He includes a remarkable exchange between the president and Hillary Clinton where both admit their opposition to the 2007 Iraq surge was based on politics:

"All too early in the [Obama] administration," he writes, "suspicion and distrust of senior military officers by senior White House officials - including the president and vice president - became a big problem for me as I tried to manage the relationship between the commander in chief and his military leaders."

Gates offers a catalogue of various meetings, based in part on notes that he and his aides made at the time, including an exchange between Obama and then-Secretary of State Hillary Rodham Clinton that he calls "remarkable."

He writes: "Hillary told the president that her opposition to the [2007] surge in Iraq had been political because she was facing him in the Iowa primary. . . . The president conceded vaguely that opposition to the Iraq surge had been political. To hear the two of them making these admissions, and in front of me, was as surprising as it was dismaying."

Cabinet secretaries - especially defense and secretaries of state - are prisoners of the bureaucracy. Gates became frustrated with being unable to get anything of significance done as he had to battle the permanent Pentagon bureaucracy whose attitude was that Gates was just a passing annoyance and could be sidelined and stonewalled until it was time for him to go. Republican, Democrat, liberal, conservative - it hardly mattered. Gates found out that he rarely could impose his will on the bureaucracy and it led to his disgust with Washington and politics.

What to make of his critique of Obama? Mild, compared to what George W. Bush had to endure from formerly trusted aides. But there is also confirmation that Obama's far left worldview is distrustful of people in uniform and that his leadership abilities as commander in chief are found wanting.



The bane of second term presidents in recent history has been memoirs written by first term cabinet secretaries.

Reagan, Clinton, Bush 43, and now Barack Obama have all had to endure scathing critiques of their policy coming from formerly trusted aides and advisors. All presidents have rejected the criticism, pointing out that some people will say anything to sell a book. But I can't recall an account from such a powerful figure as a defense secretary that paints a picture of the commander in chief that is so at odds with his public personae.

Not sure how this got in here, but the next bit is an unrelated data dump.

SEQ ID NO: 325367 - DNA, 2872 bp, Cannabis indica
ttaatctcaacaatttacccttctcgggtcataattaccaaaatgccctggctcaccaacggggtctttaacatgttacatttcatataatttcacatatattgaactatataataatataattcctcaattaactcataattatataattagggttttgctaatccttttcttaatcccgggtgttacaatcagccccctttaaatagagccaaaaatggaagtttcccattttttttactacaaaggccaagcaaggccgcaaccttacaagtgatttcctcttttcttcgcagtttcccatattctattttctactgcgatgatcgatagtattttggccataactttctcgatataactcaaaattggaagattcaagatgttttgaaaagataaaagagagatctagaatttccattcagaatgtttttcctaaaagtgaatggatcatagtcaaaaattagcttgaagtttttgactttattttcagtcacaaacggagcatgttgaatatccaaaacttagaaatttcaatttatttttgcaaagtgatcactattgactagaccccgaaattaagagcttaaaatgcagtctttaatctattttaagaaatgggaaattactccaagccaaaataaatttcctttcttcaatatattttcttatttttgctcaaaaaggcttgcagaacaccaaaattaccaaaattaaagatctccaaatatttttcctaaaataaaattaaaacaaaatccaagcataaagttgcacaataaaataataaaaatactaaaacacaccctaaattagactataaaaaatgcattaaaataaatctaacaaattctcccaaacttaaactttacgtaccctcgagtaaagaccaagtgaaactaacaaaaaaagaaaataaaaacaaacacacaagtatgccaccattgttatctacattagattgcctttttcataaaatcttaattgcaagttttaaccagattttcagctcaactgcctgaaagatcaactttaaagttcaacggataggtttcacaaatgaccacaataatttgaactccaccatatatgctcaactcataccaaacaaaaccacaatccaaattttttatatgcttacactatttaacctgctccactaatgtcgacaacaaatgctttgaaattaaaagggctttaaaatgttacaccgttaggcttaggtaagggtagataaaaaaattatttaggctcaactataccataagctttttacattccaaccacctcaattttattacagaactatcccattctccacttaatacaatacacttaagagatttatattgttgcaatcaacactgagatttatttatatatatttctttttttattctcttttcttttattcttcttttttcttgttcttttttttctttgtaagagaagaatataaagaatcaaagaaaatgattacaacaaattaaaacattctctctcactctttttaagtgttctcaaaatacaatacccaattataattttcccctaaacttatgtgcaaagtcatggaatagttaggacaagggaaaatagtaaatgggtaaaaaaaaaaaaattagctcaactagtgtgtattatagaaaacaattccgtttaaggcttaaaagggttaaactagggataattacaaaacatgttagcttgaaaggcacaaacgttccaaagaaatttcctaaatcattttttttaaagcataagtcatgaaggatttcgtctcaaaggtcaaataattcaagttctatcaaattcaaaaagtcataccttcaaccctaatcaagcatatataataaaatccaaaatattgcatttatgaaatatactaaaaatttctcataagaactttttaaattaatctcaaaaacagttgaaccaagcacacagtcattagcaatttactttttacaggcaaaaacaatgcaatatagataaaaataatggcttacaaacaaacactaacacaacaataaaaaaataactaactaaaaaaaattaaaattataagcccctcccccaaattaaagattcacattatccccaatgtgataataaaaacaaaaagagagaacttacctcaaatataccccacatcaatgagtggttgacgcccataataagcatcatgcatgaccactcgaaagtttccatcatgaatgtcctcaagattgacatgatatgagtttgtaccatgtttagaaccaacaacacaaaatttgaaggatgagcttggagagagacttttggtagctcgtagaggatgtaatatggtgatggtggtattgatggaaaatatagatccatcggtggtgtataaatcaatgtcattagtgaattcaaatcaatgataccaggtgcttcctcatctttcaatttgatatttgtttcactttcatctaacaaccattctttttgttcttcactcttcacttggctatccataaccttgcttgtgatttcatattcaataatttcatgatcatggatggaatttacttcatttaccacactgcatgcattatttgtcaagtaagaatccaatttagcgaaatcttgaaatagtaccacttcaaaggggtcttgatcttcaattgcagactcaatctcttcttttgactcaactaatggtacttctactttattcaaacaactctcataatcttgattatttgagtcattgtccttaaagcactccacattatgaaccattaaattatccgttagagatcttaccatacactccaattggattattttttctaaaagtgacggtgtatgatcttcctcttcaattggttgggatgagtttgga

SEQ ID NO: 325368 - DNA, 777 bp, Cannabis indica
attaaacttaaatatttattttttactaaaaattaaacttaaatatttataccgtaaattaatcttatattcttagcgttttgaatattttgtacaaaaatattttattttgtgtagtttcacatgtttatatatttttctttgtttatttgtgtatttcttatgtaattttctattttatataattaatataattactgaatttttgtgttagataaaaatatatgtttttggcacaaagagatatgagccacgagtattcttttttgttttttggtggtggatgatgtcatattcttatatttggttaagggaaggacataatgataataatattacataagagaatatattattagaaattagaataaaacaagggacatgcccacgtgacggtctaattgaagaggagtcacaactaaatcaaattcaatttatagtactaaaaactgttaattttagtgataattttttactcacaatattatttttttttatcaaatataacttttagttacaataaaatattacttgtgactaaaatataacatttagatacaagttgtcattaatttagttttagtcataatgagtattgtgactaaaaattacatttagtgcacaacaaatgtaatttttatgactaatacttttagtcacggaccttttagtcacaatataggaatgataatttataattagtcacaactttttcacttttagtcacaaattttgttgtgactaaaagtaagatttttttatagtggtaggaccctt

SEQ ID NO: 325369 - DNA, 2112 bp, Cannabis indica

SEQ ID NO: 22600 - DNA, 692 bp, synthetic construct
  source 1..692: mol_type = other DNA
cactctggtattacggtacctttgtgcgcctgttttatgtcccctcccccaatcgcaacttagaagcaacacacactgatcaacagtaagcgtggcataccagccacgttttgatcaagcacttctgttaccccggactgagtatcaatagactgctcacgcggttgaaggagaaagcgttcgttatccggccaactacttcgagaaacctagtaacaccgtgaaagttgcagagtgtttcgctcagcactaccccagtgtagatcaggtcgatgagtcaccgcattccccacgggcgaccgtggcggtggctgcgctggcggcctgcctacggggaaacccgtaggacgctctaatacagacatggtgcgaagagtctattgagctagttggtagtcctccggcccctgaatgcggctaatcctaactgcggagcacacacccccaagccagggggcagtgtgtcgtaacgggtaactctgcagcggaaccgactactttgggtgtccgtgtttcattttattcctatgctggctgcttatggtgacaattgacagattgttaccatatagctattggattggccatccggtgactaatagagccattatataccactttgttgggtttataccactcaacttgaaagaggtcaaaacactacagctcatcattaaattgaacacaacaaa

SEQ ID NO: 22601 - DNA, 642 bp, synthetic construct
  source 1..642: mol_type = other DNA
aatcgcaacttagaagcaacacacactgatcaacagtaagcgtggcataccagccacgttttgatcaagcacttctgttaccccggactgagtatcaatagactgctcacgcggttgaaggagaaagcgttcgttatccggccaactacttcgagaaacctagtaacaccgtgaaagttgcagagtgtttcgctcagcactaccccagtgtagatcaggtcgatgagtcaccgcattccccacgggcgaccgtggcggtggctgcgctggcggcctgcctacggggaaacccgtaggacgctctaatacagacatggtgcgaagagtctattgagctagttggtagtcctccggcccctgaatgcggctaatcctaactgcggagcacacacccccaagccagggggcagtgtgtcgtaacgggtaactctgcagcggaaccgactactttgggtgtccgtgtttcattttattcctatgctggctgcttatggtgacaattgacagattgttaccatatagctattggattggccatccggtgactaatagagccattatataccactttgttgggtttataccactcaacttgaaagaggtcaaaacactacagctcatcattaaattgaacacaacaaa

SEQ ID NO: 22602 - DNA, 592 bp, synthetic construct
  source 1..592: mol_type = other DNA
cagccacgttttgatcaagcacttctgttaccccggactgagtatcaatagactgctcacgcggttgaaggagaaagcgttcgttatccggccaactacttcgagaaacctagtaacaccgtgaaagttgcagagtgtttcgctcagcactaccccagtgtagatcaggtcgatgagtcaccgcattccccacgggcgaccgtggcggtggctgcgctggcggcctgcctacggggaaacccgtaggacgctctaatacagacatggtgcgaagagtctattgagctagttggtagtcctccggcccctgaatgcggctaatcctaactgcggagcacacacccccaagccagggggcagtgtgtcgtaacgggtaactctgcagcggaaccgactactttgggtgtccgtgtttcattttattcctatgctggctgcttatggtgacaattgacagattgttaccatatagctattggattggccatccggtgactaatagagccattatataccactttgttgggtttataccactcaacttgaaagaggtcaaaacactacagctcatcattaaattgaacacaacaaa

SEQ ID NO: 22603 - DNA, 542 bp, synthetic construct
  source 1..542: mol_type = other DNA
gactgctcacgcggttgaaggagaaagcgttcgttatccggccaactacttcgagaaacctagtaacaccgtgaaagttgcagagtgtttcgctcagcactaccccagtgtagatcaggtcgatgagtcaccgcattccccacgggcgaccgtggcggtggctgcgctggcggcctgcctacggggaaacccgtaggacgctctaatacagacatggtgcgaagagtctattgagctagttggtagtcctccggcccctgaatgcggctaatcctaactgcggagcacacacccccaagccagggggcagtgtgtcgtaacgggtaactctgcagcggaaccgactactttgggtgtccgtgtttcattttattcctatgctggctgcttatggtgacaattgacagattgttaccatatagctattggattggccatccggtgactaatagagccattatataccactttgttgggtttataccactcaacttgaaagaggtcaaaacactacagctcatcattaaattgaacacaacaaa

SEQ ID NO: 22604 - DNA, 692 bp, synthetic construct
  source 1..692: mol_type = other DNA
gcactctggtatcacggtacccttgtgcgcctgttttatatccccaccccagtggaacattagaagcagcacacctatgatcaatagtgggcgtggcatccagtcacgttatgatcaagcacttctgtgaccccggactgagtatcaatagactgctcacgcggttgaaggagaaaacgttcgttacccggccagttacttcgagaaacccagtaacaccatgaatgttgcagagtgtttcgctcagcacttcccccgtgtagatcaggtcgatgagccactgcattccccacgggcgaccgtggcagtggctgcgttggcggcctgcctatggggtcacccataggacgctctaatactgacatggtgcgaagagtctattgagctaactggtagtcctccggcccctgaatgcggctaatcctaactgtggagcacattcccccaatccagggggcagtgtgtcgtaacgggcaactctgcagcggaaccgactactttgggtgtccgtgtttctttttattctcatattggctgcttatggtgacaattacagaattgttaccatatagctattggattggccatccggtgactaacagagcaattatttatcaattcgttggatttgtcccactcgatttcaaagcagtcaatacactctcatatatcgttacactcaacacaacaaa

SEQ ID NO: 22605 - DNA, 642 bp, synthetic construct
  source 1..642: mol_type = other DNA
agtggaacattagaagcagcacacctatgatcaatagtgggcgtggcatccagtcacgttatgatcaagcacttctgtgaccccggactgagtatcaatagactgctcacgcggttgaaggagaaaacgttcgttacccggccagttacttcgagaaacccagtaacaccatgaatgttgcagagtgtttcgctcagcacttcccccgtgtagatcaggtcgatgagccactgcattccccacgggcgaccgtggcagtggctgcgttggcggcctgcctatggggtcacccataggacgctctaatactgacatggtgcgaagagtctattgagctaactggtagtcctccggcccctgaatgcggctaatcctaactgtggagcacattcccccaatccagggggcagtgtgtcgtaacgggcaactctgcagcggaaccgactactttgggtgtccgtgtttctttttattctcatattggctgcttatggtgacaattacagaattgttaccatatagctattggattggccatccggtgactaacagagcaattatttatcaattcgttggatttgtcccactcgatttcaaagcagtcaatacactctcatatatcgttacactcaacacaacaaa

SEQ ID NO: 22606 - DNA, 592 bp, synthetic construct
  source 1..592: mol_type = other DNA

Washington Post:

In a new memoir, former defense secretary Robert Gates unleashes harsh judgments about President Obama's leadership and his commitment to the Afghanistan war, writing that by early 2010 he had concluded the president "doesn't believe in his own strategy, and doesn't consider the war to be his. For him, it's all about getting out."

Leveling one of the more serious charges that a defense secretary could make against a commander in chief sending forces into combat, Gates asserts that Obama had more than doubts about the course he had charted in Afghanistan. The president was "skeptical if not outright convinced it would fail," Gates writes in "Duty: Memoirs of a Secretary at War."

Obama, after months of contentious discussion with Gates and other top advisers, deployed 30,000 more troops in a final push to stabilize Afghanistan before a phased withdrawal beginning in mid-2011. "I never doubted Obama's support for the troops, only his support for their mission," Gates writes.

In this Wall Street Journal op-ed today, Gates points to domestic political considerations as a key factor in making military decisions: